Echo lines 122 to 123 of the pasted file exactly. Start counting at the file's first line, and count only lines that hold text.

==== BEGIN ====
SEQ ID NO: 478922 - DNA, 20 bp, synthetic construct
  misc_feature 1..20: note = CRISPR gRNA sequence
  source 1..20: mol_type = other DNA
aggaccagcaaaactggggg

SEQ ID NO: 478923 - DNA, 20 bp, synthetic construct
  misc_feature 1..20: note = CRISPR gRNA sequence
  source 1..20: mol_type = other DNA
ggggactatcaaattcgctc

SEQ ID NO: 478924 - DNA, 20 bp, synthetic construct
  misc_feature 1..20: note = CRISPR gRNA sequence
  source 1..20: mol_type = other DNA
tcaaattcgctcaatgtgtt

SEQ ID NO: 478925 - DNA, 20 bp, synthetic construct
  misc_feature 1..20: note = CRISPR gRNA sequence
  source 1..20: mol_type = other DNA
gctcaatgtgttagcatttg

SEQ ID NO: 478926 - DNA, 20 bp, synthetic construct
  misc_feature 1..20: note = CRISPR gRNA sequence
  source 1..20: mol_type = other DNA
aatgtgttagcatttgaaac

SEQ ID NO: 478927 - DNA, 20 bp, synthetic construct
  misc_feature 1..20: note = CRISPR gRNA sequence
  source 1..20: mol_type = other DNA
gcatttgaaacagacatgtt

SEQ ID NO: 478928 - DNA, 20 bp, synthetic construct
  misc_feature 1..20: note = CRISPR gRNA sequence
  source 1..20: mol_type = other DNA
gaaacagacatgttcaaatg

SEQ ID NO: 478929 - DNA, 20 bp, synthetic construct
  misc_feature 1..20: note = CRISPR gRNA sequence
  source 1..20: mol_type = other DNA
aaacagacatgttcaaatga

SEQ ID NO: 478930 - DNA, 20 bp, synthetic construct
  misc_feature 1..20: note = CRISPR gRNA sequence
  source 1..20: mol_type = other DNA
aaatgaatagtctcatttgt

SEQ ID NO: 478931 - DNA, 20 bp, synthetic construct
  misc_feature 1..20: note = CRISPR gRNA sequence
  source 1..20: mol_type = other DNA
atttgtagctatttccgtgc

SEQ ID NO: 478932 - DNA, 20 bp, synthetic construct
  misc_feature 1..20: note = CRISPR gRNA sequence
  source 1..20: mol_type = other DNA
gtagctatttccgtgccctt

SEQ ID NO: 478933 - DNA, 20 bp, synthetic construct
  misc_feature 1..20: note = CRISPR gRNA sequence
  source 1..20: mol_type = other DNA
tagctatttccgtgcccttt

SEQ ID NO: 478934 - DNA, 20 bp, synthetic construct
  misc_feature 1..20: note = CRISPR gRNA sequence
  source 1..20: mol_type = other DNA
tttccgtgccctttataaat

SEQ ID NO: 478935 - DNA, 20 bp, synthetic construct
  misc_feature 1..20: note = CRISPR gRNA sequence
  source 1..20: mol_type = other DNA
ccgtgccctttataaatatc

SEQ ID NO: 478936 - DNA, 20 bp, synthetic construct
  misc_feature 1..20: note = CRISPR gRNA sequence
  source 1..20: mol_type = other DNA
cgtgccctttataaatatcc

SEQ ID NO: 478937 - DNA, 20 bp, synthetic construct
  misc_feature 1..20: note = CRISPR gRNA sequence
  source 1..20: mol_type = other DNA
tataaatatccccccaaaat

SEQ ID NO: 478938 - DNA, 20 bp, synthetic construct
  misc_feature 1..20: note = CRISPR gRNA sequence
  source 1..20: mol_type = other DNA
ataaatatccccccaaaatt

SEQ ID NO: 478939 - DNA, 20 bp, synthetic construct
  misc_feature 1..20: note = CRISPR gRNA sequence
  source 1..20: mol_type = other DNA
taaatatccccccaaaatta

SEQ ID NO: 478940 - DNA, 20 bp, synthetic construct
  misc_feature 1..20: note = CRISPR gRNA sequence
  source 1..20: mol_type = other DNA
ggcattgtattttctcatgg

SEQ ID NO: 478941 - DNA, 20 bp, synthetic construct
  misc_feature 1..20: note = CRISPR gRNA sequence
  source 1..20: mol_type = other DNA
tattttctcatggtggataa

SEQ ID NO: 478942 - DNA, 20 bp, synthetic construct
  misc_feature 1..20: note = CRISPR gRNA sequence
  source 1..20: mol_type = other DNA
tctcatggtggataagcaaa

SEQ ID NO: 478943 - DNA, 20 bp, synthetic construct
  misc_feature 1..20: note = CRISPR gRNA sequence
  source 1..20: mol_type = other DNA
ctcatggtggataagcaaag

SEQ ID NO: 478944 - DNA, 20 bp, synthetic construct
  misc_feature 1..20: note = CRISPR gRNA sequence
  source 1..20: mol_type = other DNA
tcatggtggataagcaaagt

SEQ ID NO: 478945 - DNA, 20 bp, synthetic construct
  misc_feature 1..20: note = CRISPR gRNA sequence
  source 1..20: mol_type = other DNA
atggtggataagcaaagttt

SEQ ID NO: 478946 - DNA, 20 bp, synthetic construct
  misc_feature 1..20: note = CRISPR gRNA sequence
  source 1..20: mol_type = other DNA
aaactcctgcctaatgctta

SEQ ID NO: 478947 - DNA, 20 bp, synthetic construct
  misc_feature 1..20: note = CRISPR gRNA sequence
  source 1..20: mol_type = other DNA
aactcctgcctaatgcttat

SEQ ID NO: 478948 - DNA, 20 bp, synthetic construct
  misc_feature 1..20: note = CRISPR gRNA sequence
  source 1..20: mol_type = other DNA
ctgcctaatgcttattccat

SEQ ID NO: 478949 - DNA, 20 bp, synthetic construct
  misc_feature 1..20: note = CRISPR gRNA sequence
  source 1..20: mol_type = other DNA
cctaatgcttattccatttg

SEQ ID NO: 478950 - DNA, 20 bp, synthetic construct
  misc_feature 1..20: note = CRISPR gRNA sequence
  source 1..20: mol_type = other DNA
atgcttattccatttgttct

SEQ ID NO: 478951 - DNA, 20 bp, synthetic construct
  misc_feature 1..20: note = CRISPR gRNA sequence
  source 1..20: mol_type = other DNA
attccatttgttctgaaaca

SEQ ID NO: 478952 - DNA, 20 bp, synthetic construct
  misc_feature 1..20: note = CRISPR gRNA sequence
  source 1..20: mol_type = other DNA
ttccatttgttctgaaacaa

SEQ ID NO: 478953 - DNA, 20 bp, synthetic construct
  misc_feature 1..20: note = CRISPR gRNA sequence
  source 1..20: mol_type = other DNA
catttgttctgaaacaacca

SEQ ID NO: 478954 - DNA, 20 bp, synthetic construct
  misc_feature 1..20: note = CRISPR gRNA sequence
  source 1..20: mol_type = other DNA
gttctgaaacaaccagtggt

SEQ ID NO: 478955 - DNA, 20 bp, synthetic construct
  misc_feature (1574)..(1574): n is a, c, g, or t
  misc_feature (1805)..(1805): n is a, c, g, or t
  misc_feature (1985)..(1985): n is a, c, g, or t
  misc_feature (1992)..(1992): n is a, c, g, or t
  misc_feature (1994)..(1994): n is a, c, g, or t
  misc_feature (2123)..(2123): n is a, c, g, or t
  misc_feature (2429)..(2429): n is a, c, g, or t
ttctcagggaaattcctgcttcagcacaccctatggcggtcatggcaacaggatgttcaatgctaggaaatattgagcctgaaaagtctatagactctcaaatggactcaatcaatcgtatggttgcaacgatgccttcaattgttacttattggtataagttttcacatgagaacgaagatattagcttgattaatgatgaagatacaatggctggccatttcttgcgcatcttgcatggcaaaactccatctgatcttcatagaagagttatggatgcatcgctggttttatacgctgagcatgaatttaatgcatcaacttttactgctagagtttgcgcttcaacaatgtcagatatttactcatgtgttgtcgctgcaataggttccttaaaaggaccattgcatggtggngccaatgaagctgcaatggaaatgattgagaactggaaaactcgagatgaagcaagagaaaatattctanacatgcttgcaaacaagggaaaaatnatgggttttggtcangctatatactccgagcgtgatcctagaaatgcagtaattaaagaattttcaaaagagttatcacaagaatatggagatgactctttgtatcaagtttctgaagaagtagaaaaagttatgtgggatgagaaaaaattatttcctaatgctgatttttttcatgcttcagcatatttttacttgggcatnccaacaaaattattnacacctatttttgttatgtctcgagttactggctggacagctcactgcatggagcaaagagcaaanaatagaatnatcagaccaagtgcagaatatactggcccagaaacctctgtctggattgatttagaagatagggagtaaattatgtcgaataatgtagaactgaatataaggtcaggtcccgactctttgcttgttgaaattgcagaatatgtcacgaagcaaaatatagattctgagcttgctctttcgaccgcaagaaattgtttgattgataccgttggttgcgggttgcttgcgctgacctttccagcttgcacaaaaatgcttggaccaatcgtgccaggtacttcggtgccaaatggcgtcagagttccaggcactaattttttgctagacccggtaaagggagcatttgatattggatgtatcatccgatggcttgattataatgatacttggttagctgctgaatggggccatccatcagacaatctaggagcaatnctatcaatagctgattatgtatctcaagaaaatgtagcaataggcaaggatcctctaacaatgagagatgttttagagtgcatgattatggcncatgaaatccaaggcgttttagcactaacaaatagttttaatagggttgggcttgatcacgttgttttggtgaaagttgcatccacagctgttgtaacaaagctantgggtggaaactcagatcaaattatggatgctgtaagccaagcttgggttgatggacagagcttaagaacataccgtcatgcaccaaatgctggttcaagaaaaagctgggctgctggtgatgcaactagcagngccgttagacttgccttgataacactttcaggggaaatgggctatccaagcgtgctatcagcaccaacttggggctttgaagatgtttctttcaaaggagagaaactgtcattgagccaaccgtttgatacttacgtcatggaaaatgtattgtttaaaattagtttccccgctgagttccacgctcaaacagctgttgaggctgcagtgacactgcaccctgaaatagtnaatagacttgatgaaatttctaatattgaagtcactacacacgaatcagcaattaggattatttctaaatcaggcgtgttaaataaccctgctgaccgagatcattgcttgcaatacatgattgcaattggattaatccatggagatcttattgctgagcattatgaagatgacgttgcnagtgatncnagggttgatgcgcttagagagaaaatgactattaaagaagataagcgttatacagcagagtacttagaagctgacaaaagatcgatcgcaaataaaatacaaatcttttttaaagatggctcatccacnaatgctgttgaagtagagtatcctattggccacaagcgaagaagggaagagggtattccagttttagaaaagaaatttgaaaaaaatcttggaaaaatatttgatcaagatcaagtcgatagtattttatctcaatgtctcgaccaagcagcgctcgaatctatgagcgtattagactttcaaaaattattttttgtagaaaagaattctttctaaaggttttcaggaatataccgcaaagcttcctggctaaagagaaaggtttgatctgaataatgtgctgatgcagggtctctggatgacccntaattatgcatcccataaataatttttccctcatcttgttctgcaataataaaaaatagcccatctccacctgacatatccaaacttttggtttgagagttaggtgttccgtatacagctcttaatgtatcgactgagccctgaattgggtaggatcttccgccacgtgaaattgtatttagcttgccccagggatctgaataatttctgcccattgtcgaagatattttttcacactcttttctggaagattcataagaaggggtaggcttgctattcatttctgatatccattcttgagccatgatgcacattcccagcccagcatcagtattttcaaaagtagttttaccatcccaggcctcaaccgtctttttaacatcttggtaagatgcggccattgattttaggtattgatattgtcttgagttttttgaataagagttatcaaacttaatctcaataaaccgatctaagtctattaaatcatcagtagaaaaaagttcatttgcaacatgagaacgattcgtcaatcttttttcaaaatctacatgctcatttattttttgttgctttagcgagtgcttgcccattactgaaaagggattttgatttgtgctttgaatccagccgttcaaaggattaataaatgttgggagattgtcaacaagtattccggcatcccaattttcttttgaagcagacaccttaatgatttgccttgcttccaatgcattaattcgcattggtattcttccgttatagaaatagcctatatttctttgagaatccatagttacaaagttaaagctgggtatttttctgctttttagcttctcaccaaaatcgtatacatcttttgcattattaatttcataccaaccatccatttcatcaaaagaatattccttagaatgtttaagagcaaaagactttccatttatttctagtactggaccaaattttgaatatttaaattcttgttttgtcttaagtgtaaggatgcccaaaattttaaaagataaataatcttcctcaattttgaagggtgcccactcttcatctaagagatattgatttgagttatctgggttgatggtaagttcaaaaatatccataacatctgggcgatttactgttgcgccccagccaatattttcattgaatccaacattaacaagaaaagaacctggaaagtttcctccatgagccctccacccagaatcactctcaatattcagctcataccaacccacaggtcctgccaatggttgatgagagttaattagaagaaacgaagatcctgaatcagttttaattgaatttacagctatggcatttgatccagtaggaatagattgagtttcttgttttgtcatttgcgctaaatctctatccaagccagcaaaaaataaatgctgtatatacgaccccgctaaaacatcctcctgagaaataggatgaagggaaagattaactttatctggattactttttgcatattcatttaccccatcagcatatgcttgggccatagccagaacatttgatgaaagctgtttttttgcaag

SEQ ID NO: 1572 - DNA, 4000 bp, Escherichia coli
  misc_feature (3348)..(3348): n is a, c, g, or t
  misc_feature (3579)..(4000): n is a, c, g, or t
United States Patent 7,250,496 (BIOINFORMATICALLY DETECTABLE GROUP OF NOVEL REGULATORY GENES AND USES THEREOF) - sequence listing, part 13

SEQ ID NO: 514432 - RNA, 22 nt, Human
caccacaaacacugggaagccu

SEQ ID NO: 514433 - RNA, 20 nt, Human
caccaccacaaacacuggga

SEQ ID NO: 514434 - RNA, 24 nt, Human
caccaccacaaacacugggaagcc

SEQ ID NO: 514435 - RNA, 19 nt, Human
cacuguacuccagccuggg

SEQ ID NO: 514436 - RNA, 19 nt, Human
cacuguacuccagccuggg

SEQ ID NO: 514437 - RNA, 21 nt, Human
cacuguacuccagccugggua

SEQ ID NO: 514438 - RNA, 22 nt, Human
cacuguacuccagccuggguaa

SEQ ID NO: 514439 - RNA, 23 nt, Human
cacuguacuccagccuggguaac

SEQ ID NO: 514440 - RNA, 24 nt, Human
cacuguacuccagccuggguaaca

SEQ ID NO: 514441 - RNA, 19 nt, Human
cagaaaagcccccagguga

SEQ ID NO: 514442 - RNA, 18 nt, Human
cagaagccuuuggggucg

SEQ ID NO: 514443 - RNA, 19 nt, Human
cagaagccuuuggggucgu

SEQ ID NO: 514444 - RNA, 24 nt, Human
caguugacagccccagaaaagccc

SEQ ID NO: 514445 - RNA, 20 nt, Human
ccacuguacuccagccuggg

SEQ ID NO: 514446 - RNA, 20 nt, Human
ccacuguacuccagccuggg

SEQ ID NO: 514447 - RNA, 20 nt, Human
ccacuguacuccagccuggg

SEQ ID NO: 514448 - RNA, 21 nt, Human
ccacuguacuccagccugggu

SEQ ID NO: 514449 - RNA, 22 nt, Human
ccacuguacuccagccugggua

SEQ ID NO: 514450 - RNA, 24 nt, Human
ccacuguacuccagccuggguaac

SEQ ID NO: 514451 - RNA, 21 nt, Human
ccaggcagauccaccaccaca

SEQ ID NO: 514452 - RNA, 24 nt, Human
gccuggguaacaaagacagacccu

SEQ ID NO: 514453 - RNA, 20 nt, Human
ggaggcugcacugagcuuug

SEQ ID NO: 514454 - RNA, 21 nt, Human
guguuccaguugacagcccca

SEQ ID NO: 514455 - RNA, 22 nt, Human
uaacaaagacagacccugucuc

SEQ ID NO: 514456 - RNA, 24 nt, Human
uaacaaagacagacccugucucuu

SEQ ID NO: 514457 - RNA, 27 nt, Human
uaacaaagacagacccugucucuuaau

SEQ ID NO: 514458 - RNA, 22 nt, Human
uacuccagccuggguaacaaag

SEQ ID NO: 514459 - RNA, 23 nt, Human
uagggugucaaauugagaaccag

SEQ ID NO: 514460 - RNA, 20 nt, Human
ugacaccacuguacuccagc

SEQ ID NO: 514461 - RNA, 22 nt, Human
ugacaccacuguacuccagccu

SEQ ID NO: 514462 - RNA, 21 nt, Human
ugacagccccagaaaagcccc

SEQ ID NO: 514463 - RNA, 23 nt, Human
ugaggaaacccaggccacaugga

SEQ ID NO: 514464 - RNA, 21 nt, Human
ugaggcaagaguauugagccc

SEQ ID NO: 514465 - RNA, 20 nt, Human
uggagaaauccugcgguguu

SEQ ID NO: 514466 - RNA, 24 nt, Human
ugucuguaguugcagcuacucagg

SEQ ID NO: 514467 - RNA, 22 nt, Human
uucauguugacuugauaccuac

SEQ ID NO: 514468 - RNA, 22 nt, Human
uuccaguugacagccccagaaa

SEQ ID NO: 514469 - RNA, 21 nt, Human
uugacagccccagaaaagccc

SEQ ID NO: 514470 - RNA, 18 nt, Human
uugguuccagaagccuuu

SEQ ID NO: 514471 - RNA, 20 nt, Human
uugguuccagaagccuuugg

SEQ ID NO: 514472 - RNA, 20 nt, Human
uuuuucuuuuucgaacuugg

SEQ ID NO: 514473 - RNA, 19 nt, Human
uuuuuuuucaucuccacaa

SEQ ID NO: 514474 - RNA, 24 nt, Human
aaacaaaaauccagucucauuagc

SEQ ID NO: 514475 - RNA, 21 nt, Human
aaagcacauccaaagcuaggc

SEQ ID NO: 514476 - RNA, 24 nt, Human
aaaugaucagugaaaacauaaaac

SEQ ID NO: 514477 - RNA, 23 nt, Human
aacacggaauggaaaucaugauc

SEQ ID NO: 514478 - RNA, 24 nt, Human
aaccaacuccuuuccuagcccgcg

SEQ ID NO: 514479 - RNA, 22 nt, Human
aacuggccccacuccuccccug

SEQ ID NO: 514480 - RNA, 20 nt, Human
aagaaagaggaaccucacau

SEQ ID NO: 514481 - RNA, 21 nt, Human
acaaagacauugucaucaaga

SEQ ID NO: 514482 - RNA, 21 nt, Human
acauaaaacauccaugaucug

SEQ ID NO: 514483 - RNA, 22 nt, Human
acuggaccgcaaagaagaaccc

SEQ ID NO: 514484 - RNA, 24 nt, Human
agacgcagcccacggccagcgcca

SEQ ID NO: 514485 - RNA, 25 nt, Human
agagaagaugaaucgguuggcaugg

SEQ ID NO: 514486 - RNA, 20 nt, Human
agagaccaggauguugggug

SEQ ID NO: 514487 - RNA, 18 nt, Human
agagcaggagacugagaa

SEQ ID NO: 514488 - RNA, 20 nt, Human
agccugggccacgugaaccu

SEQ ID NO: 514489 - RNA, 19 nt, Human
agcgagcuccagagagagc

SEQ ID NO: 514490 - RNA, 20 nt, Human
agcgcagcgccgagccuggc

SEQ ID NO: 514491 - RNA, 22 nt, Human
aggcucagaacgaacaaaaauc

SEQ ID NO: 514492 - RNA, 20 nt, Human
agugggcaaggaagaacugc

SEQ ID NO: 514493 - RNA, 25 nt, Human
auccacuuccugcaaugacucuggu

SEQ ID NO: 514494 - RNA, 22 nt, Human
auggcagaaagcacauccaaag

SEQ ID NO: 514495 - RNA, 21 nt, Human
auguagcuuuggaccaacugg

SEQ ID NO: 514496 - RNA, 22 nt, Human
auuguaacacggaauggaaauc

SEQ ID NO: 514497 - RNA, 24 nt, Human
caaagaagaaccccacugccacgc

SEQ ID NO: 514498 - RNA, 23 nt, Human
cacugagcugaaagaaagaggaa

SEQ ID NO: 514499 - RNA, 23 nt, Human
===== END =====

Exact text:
  misc_feature 1..20: note = CRISPR gRNA sequence
  source 1..20: mol_type = other DNA